Equities and Australian Dollar Down again

Sentiment is an ephemeral beast and yesterday’s hopeful market bounce turned back into carnage, not to strong a word, overnight as markets decided that it is the looming global economic weakness that is the more important driver not the Fed’s friendly words.

At the close of play the FTSE’s 3% fall looks good compared to 5% falls in Europe and the 4.40% and 4.6% falls in the S&P 500 and the Dow. The SPI futures are telling us that our market is going to open around 2.4% lower this morning. The AUD sits at 1.0183 from a high around 1.0383 in our time zone yesterday.

I posted yesterday first on what the Fed was trying to achieve and then later after more reflection that I felt the Australian Dollars bounce was a head fake because the overriding story out of the Fed was that their is likely to be a low growth future. this is not a good environment for the AUD or other risk assets.

The key reason for last night’s moves in my view is two-fold. First I think American traders and money managers are outraged that they got down graded but other countries did not and they are hunting those countries they perceive as weaker than them – last night it was France’s turn. Second I think having had 24 hours to assimilate what the Fed said they are focussed more on the 3 dissenters, most in around 20 years, and the inaction that is likely to engenders  the Fed fights the same internal battles as the US Congress.

but the slide in ratings has been coming for decades, just look at how few AAA companies there are out there now compared to 20 years ago. When I was a fund manager I used to work with a bloke who I reckon is the best fund manager I have ever come across, let’s call him Greg (no not me).

Greg taught me more about portfolio construction, the management of risk and how to make money in various stages of markets. Certainly our boss at the time feed my desire to trade my portfolio aggressively but it was Greg’s mentoring that taught me how to ensure that with all the trading I liked to do I didn’t blow up the fund.

But Greg was more than that he was also very insightful and he said to me back in the 90’s that there was going to be an inextricable downgrading of credit ratings over the coming years and decades. I won’t go into the how’s or why’s but he was and remains spot on.

Last night’s carnage on markets is driven by exactly the drift that Greg highlighted a decade and a half ago – more fears of downgrades. As I said above this time it was France in the headlights (it’s the blue line coming out of the pack and chasing Italy in the CDS chart above) and when the ratings agencies said it was not about to be downgraded the market went hunting for French Banks with Soc Gen down something in the order of 14% and its share price has now halved, yep halved, since the beginning of July and is down 44% from July 22nd.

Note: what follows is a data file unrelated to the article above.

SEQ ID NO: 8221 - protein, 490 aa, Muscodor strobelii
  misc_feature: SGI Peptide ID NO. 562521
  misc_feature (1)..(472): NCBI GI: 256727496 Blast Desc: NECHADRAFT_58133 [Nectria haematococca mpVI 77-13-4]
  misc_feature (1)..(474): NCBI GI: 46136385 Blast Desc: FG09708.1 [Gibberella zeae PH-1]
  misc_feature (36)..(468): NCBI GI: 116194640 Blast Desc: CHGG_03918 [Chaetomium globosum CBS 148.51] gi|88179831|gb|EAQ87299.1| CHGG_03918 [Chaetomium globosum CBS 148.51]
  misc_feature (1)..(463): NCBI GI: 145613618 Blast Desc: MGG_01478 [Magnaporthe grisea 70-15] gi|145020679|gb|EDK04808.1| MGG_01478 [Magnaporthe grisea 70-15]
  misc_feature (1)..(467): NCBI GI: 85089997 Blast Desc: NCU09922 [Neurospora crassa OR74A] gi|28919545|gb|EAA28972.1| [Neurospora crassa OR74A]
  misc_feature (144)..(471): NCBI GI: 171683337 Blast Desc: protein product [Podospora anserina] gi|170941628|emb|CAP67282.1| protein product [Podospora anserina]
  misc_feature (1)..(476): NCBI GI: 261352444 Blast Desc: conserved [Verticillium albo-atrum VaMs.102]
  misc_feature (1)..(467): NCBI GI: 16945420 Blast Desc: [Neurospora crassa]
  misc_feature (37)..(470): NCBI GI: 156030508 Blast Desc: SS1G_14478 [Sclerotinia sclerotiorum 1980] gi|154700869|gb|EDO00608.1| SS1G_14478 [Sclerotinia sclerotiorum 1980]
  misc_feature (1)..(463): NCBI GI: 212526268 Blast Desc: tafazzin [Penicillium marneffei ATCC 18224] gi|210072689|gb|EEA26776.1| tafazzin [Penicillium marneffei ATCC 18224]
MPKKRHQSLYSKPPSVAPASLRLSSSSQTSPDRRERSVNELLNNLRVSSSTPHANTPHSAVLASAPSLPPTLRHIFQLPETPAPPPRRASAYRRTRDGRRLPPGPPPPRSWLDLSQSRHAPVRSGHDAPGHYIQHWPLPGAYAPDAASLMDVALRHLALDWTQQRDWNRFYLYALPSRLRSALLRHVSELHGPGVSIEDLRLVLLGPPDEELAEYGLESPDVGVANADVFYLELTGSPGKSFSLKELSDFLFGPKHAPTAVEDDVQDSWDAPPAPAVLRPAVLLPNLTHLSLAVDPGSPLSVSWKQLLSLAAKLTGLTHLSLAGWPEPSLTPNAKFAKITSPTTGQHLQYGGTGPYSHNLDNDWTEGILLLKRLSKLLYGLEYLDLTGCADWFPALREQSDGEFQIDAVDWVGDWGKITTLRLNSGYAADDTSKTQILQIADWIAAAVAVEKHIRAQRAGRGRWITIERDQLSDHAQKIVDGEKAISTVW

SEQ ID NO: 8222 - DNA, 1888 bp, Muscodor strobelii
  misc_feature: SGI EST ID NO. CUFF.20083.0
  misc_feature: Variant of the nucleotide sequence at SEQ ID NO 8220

US Banks also got smashed with Bank of America and Citibank in the frame and the former’s CDS price has moved sharply higher in the past few weeks as you can see from the yellow line above. The hope we might have had yesterday of the Fed injecting a little stability into the market has proved ephemeral and markets are well and truly in a funk.

The reason for this is that if the economy is weak all over the globe, as it is now looking, then the Fed will need more than words – so the market is moving first. Unfortunately also the market is hunting countries and companies as the two CDS charts above show. CDS was a beautiful risk sharing and mitigating innovation but it has gone beyond its initial design and is now used a predatory tool to destabilise institutions and countries. Regulators need to shut this market down.

But unless or until they do market sentiment is almost guaranteeing a global recession – we won’t escape here in Australia unfortunately.  

We maintain our circumspect stance for passive investors but are trading this volatility ourselves. Longer term there will be many opportunities for both short and long-term investors from this current volatility but one must always match your trading style to your risk appetite.

As they used to say in Hill Street Blues – “be careful out there” 



This blog is for information only and does not constitute advice. Neither Greg McKenna nor Lighthouse Securities has taken your personal circumstances, objectives or financial situation into account. Because of this you should, before acting on this information, consider its appropriateness, having regard to your objectives, financial situation or needs.

If you do need economic, investment or financial advice we are happy to help.

Please Email the team at Lighthouse at info@lighthousesecurities.com.au or Greg directly on greg@lighthousesecurities.com.au

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